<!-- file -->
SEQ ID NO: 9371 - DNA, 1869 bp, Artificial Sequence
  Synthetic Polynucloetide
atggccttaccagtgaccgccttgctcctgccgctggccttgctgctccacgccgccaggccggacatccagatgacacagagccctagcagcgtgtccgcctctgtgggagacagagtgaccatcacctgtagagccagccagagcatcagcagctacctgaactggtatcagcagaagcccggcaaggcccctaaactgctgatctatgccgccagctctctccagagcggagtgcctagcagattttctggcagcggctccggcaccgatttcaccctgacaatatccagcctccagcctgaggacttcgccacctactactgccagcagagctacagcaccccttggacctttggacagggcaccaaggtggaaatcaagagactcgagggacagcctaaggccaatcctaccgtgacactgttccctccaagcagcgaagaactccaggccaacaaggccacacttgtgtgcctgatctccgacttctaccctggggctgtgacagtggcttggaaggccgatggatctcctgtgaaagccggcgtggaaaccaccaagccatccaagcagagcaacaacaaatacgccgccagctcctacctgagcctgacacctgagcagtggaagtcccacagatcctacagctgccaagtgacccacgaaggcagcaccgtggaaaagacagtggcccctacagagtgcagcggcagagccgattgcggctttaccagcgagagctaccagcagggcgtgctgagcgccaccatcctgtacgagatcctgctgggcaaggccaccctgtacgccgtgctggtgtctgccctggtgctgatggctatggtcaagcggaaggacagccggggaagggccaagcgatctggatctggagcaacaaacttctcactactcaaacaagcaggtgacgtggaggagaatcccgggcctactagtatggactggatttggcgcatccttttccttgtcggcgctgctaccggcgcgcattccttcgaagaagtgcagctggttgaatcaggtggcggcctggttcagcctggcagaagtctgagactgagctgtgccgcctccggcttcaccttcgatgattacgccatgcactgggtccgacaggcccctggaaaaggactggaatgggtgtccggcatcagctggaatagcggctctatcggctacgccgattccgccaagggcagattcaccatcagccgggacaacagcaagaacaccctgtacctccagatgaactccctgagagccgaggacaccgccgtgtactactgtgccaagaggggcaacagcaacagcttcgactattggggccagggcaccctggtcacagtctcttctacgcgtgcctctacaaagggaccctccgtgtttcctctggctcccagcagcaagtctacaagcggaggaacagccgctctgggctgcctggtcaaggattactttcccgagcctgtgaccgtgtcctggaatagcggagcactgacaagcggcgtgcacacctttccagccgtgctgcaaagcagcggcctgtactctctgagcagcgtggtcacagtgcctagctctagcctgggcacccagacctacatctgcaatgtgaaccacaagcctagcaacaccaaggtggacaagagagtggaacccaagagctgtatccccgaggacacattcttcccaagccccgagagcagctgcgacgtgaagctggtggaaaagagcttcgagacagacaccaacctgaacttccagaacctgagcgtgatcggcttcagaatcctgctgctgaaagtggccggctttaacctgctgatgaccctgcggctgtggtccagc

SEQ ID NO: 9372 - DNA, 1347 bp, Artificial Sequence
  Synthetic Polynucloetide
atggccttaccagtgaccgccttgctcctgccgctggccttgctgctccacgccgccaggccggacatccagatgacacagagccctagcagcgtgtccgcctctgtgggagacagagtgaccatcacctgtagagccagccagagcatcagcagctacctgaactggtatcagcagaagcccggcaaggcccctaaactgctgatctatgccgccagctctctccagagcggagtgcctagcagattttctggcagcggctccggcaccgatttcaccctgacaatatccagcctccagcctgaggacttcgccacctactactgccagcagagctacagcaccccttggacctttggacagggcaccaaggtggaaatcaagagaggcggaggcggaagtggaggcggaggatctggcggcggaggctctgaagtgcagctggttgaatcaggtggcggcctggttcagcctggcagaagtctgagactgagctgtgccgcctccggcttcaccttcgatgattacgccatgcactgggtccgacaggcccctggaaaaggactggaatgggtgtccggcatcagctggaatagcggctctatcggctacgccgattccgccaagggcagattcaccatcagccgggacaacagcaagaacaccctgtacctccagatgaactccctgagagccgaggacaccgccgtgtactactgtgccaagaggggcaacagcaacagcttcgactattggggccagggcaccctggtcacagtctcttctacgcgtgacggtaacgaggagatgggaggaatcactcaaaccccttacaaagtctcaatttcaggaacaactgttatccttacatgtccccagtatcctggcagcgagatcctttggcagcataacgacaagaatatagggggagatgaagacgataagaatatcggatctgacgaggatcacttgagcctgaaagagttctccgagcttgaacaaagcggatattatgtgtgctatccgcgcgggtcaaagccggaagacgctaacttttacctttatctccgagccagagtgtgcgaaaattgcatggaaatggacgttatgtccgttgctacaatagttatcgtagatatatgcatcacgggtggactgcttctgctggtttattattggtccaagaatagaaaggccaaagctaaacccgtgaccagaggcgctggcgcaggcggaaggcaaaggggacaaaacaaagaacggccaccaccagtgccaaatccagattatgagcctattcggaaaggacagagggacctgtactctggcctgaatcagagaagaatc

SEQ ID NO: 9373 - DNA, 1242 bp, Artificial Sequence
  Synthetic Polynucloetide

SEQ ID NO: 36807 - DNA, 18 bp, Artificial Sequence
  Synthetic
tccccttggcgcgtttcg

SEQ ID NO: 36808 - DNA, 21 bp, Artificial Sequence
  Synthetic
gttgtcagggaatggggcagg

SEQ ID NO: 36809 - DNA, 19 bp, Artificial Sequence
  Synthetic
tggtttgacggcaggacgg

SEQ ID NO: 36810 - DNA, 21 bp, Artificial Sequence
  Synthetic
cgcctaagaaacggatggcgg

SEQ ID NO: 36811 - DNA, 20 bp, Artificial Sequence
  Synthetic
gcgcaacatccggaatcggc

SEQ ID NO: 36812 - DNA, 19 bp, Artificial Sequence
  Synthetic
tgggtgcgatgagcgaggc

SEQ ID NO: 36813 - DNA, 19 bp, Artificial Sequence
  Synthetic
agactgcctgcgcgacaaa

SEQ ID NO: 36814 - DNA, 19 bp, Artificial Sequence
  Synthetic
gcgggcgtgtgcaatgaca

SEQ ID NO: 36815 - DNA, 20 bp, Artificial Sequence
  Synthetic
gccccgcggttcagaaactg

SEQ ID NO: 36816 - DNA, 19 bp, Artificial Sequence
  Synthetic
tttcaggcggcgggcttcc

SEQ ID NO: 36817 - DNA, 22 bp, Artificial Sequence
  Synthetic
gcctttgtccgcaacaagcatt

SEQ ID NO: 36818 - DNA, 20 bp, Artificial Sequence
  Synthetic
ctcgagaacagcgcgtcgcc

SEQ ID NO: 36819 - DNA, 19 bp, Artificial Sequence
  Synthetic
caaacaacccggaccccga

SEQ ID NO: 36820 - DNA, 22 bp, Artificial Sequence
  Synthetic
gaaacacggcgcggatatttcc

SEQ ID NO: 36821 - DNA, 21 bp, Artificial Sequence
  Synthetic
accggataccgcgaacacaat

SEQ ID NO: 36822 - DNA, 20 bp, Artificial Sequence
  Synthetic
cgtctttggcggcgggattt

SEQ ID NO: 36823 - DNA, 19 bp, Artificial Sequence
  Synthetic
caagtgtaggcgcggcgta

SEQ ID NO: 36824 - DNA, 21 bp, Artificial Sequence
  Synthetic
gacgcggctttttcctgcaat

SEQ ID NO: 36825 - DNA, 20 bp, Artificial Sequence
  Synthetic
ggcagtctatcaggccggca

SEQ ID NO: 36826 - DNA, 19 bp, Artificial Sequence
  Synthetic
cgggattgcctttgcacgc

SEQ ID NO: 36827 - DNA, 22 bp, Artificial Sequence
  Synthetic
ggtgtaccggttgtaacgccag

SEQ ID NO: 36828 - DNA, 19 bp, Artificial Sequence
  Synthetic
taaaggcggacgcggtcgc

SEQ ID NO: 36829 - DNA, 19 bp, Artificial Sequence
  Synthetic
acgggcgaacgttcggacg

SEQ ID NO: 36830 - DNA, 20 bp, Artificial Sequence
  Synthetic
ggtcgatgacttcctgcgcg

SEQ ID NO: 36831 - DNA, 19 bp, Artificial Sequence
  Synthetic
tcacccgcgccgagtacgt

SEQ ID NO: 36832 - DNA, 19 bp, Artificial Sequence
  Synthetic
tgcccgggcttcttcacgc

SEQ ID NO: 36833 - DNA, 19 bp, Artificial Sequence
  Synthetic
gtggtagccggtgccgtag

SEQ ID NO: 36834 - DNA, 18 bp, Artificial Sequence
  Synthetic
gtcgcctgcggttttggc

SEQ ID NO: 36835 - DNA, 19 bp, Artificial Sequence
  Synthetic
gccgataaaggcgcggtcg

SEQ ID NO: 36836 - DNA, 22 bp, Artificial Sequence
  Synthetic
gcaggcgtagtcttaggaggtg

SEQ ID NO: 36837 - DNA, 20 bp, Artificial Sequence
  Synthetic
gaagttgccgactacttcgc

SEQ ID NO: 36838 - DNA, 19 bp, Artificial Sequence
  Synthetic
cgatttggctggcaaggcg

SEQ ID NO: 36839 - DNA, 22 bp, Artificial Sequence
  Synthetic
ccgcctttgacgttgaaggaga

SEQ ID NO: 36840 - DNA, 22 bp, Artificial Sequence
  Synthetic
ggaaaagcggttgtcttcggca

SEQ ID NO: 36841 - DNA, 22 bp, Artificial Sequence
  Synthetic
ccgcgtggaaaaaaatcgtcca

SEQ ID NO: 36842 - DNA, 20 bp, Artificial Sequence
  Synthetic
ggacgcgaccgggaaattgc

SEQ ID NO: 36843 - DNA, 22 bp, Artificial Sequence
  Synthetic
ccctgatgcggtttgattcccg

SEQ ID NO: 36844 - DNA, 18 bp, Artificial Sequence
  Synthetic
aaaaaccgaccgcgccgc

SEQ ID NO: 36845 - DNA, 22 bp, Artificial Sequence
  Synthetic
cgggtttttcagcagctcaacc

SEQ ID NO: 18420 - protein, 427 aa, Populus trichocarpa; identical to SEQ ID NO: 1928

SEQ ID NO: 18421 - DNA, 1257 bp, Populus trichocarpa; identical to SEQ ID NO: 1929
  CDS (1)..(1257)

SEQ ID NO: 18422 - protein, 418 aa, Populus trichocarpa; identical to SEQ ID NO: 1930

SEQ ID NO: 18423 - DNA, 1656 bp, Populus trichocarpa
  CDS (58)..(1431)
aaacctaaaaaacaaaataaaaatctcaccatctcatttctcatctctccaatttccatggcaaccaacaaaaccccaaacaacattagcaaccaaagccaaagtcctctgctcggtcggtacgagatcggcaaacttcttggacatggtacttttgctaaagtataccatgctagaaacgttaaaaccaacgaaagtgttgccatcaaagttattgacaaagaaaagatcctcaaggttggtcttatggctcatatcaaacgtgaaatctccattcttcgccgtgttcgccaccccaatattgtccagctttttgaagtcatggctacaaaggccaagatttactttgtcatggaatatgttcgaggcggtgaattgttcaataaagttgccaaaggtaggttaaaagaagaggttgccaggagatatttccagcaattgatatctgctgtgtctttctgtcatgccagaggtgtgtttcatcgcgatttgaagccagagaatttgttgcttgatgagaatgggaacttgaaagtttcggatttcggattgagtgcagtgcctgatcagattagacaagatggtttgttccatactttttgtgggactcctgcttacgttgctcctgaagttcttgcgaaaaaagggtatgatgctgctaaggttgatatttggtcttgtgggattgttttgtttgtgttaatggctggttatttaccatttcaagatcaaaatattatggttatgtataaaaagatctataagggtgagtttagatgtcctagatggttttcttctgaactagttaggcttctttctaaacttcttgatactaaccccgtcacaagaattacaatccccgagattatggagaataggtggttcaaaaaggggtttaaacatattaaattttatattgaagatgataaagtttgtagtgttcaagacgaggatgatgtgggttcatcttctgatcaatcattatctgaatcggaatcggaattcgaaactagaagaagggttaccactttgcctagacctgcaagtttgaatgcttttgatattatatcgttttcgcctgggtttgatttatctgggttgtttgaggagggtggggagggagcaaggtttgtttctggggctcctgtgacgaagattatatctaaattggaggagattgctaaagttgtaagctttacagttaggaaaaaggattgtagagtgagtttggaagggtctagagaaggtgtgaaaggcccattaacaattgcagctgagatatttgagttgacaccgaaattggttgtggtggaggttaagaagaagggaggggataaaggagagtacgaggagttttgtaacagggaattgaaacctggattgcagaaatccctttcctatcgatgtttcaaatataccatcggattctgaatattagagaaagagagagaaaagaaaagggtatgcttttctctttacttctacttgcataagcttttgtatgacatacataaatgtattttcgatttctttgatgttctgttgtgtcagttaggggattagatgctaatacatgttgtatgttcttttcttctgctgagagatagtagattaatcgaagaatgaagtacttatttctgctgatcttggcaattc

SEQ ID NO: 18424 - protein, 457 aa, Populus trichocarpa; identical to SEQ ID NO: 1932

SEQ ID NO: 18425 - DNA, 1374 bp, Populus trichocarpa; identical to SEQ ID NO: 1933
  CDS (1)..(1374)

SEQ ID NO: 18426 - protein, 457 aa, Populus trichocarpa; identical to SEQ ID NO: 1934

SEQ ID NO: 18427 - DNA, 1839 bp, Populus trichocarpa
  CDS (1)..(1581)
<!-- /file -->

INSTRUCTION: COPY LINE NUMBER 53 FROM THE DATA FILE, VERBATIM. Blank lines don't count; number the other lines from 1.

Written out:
accggataccgcgaacacaat